• suppression and rediscovery of hidden women’s voices in macho cultural contexts
  • tensions inherent in post-colonial nations’ acquisitions policies around such cultural records (and the need to obviate tensions and interactions)
  • pressures of the global publishing economy and global scholarship on so-named “post-colonial literatures”
  • needs for archivists to intuit the appropriate place for these archives and consider innovative solutions drawing on the articulations of archives creators (concerning place and connections with other art forms).

Please feel free to contact the SLA Section Chair (David Sutton d.c.sutton@reading.ac.uk) if you would like further details on the discussion.

Posted on behalf of Catherine Hobbs

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La memoria de García Lorca regresa por fin a Granada

Tras dos años de tensiones y retrasos, los manuscritos, pinturas, fotografías y cartas de Federico García Lorca comienzan su viaje desde Madrid a Granada. Aunque el traslado real del legado del poeta está previsto para antes de verano, el desbloqueo administrativo que da luz verde a su mudanza se ha iniciado este miércoles con un acuerdo entre la Fundación García Lorca y las Administraciones unidas en un consorcio (Ministerio de Cultura, Junta de Andalucía, Ayuntamiento y Diputación de Granada). “Por fin, vamos a poder desarrollar el proyecto completo del centro, que incluye numerosas actividades, en consonancia con la importancia del archivo”, ha asegurado la sobrina del poeta, Laura García Lorca, quien ha mostrado a este diario su satisfacción por ver “el final de un proceso muy largo”.

El Centro García Lorca, ubicado a un paso de la catedral de Granada, se inauguró en 2015, pero sin contenido principal. Una decepción prolongada durante dos años y medio que parece encauzarse. La junta rectora del consorcio ha ratificado en la ciudad andaluza la clave para la mudanza del legado desde la Residencia de Estudiantes madrileña: la liquidación de la encomienda de gestión a la fundación para la construcción del centro.

En otras palabras, después de que las Administraciones encargaran a la fundación la gestión de la construcción del centro García Lorca y esta presentara facturas por un millón de euros que el consorcio no consideraba asumibles, y tras la polémica gestión del antiguo secretario, Juan Tomás Martín, al que se denunció por supuesta falsedad documental y apropiación indebida, ahora se ha alcanzado un acuerdo. Cuando el legado del autor de La casa de Bernarda Alba aterrice en Granada, las Administraciones pagarán un depósito a la fundación que saldará la diferencia entre las facturas reconocidas y las no reconocidas (por exposiciones que el consorcio no cree asumibles).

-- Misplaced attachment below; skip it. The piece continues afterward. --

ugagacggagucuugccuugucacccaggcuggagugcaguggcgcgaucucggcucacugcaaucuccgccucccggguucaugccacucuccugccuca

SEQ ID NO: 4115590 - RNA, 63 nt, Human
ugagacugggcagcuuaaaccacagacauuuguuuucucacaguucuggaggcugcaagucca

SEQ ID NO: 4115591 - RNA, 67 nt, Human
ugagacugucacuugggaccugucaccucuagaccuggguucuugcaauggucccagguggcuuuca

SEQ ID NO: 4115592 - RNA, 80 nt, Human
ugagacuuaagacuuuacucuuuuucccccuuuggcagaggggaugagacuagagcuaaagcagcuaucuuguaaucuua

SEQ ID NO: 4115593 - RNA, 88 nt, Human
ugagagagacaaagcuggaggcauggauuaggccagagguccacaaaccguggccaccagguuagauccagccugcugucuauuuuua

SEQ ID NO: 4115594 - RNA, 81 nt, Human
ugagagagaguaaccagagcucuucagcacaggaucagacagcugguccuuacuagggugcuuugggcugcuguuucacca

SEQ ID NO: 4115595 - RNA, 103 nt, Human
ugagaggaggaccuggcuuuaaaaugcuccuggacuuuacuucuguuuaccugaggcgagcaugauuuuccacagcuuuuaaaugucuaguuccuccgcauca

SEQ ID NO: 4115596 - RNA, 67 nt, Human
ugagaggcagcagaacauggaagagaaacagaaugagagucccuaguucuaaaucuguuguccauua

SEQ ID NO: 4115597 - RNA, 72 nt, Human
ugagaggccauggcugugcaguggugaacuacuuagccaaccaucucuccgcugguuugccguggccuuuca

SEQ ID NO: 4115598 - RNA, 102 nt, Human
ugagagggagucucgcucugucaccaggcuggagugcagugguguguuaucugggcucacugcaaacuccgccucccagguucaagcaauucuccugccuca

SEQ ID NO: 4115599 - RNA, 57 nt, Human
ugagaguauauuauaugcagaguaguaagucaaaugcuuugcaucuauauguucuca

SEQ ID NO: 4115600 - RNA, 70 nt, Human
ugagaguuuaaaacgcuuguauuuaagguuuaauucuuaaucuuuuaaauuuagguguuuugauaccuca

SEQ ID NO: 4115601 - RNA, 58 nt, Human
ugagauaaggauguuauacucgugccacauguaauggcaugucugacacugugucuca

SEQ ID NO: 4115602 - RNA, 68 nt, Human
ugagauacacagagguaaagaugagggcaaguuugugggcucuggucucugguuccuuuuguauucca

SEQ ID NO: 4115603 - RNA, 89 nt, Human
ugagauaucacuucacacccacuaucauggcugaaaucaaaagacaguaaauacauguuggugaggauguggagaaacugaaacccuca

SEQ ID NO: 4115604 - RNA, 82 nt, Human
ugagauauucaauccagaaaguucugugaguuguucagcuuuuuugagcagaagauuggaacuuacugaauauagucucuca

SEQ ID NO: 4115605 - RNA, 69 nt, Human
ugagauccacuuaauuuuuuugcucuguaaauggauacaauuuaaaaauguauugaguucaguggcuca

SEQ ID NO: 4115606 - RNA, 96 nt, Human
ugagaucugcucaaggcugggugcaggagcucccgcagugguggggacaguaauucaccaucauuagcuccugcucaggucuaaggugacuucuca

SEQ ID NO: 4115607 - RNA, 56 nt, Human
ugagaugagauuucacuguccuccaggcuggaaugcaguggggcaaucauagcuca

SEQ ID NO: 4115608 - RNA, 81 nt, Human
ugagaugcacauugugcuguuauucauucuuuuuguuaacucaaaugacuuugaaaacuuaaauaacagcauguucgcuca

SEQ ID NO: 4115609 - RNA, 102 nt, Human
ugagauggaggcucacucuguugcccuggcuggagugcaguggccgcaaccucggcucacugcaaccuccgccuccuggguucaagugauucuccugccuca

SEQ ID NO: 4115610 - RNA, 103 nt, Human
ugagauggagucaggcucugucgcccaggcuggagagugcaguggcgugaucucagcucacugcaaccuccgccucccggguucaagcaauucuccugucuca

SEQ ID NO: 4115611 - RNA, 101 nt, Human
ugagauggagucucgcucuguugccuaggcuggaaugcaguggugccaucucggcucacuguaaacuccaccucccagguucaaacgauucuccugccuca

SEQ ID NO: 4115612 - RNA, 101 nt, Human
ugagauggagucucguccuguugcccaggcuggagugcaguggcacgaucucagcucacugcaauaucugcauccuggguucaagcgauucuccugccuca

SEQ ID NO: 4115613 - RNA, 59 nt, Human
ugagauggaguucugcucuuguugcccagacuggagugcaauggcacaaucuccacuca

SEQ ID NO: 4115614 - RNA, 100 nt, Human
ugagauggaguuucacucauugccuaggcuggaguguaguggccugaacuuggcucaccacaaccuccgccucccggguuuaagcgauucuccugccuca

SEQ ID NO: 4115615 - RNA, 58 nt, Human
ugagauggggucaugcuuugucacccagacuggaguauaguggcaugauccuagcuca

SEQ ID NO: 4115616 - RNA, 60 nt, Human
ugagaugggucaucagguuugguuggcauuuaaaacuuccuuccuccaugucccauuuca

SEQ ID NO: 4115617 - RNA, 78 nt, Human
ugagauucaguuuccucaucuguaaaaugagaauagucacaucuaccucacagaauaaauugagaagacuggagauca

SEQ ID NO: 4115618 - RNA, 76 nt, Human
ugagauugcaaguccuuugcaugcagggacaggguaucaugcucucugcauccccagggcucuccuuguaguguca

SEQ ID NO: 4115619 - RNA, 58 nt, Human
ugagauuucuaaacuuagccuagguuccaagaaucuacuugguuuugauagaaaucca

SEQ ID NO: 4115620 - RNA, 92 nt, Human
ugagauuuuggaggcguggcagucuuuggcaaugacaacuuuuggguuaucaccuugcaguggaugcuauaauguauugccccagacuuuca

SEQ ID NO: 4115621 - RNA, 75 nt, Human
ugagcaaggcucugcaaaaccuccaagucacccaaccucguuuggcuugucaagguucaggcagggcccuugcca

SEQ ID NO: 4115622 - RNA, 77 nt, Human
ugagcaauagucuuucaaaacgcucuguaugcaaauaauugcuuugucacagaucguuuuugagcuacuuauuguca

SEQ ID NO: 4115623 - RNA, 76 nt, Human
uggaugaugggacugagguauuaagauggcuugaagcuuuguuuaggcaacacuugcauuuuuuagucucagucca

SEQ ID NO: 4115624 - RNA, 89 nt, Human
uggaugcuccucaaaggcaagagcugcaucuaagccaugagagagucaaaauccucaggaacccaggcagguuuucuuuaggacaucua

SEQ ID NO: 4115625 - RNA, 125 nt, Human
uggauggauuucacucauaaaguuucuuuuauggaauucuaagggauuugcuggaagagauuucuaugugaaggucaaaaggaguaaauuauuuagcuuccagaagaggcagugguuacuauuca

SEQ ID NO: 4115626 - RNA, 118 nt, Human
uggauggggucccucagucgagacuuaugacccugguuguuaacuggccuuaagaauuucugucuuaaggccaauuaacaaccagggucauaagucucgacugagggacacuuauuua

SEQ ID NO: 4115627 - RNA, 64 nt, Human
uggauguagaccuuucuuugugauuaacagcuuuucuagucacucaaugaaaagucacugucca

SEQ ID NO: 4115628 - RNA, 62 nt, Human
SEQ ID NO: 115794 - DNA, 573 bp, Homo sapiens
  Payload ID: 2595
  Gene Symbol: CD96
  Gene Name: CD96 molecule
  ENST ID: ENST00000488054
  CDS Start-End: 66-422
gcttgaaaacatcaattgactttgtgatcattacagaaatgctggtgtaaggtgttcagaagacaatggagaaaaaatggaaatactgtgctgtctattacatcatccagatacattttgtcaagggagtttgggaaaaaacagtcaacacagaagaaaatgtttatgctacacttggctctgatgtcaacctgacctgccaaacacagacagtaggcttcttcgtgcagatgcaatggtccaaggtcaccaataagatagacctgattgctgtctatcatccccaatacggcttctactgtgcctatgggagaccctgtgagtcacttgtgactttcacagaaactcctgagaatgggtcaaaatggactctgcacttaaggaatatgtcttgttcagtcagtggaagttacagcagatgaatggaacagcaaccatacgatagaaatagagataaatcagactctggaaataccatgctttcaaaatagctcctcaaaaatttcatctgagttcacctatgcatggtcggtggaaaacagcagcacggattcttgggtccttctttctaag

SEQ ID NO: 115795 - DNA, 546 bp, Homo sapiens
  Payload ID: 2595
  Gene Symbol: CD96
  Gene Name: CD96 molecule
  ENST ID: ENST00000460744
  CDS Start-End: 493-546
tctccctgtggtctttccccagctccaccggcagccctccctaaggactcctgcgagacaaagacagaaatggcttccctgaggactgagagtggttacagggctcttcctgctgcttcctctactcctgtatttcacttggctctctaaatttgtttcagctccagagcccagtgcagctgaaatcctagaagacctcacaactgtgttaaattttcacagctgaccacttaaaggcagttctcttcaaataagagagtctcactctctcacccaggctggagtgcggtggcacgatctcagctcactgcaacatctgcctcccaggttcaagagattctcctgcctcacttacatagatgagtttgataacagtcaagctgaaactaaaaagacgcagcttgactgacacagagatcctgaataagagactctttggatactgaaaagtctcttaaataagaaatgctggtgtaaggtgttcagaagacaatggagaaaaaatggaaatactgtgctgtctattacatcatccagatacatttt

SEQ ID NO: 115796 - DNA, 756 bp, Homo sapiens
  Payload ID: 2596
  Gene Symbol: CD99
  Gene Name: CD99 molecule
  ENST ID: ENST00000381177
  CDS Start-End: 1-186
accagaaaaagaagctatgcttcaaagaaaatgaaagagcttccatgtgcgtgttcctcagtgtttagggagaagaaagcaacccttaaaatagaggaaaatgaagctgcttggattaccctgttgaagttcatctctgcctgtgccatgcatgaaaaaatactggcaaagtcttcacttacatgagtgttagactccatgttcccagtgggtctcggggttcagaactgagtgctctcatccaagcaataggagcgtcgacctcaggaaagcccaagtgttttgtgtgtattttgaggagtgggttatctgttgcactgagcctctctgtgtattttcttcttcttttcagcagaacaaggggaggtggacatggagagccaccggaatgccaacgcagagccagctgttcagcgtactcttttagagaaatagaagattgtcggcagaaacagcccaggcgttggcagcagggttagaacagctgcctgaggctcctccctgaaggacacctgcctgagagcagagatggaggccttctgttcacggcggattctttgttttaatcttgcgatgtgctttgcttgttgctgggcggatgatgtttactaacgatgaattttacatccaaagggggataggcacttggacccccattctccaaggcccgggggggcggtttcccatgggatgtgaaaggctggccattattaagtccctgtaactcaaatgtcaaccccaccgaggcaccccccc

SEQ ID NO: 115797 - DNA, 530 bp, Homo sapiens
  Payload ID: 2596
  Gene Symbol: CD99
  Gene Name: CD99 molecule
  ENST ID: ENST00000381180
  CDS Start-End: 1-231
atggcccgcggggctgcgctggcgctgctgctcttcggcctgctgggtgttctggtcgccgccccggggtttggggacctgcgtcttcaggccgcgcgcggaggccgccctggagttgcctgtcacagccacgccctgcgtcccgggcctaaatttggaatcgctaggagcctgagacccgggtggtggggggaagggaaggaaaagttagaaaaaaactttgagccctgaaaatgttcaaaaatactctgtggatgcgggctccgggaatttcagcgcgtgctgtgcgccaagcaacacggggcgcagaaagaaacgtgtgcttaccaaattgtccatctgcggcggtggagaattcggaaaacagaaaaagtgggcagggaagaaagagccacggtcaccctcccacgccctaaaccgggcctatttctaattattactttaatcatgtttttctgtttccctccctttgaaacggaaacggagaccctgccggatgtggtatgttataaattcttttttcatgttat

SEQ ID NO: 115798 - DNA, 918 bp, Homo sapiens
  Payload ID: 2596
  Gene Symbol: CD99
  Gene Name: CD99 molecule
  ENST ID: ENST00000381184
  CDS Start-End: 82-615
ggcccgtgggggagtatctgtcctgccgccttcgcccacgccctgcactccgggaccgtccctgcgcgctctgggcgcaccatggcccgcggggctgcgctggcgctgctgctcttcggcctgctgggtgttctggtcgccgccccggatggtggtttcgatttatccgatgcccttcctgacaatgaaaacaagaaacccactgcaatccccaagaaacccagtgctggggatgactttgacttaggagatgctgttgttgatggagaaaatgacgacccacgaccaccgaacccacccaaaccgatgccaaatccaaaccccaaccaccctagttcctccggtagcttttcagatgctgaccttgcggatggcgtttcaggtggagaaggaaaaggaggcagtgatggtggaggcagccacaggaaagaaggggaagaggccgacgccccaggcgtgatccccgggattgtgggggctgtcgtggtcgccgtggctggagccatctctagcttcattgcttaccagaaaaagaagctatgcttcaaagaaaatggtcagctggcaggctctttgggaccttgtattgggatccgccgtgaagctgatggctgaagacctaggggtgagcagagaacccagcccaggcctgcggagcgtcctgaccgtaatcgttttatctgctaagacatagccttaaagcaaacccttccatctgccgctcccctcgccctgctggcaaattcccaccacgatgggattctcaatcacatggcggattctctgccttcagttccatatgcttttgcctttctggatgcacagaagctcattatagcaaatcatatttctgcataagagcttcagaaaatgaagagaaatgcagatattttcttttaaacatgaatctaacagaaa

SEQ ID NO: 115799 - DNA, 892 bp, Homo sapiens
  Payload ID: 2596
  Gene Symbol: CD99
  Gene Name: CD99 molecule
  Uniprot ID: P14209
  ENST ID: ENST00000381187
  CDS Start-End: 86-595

El depósito durará hasta 2020, cuando una fundación pública andaluza asumirá los bienes del poeta y la Fundación García Lorca quedará integrada en este nuevo organismo. Las cuatro Administraciones controlarán los gastos de la fundación y del centro. “Hoy es un gran día que culmina un gran camino. Se cierra un capítulo para Granada y Andalucía, para atraer a un nuevo turismo cultural y rematar la faena”, ha afirmado el consejero de Cultura, Miguel Ángel Vázquez. “El legado estará para siempre donde tiene que estar”, ha añadido el alcalde de Granada, Francisco Cuenca.

El acuerdo entre las partes para el traslado ha sido rubricado esta tarde en Granada. “Se han escrito muchas cosas, incluso difamatorias, sobre las intenciones del patronato, de la familia… No tienen ningún fundamento. Nuestra intención ha sido tozuda y clara desde que constituimos la fundación: que el legado de García Lorca viniera a Granada”, ha señalado la sobrina del poeta. “Vamos a hacer todo lo posible porque el centro sea un lugar de luz y de radiación de la obra de García Lorca”, ha agregado.

Fachada del Centro Federico García Lorca en Granada

Ahora el calendario previsto marca que la mudanza se haga en dos tiempos, un primer envío antes de marzo, y otro antes del verano. “Podemos comunicar de modo firme y comprometido que el legado de García Lorca estará por fin en Granada antes del 30 junio”, ha dicho Vázquez, quien ha señalado que como antesala de la mudanza el centro granadino acogerá, antes del 28 de febrero, la exposición Una habitación propia, con elementos del legado que ya se quedarían en la ciudad. “Esta muestra ya se ha podido ver en la Residencia de Estudiantes. El material llega para quedarse para siempre”, ha avanzado el consejero.

Los problemas para el traslado del legado nacieron tras un supuesto desvío de fondos por parte del exsecretario de la fundación, Juan Tomás Martín. Las cuestiones económicas dieron paso a una denuncia de la presidenta, Laura García Lorca, y un proceso judicial aún en marcha.

El legado del poeta, declarado Bien de Interés Cultural (BIC) en 2016, fue tasado en su día por la casa de subastas Christie’s en unos 20 millones de euros, cifra que la fundación considera excesivamente baja y que no tiene en cuenta el valor real de las obras y documentos.                                                                                 [Articulo – ‘El País’]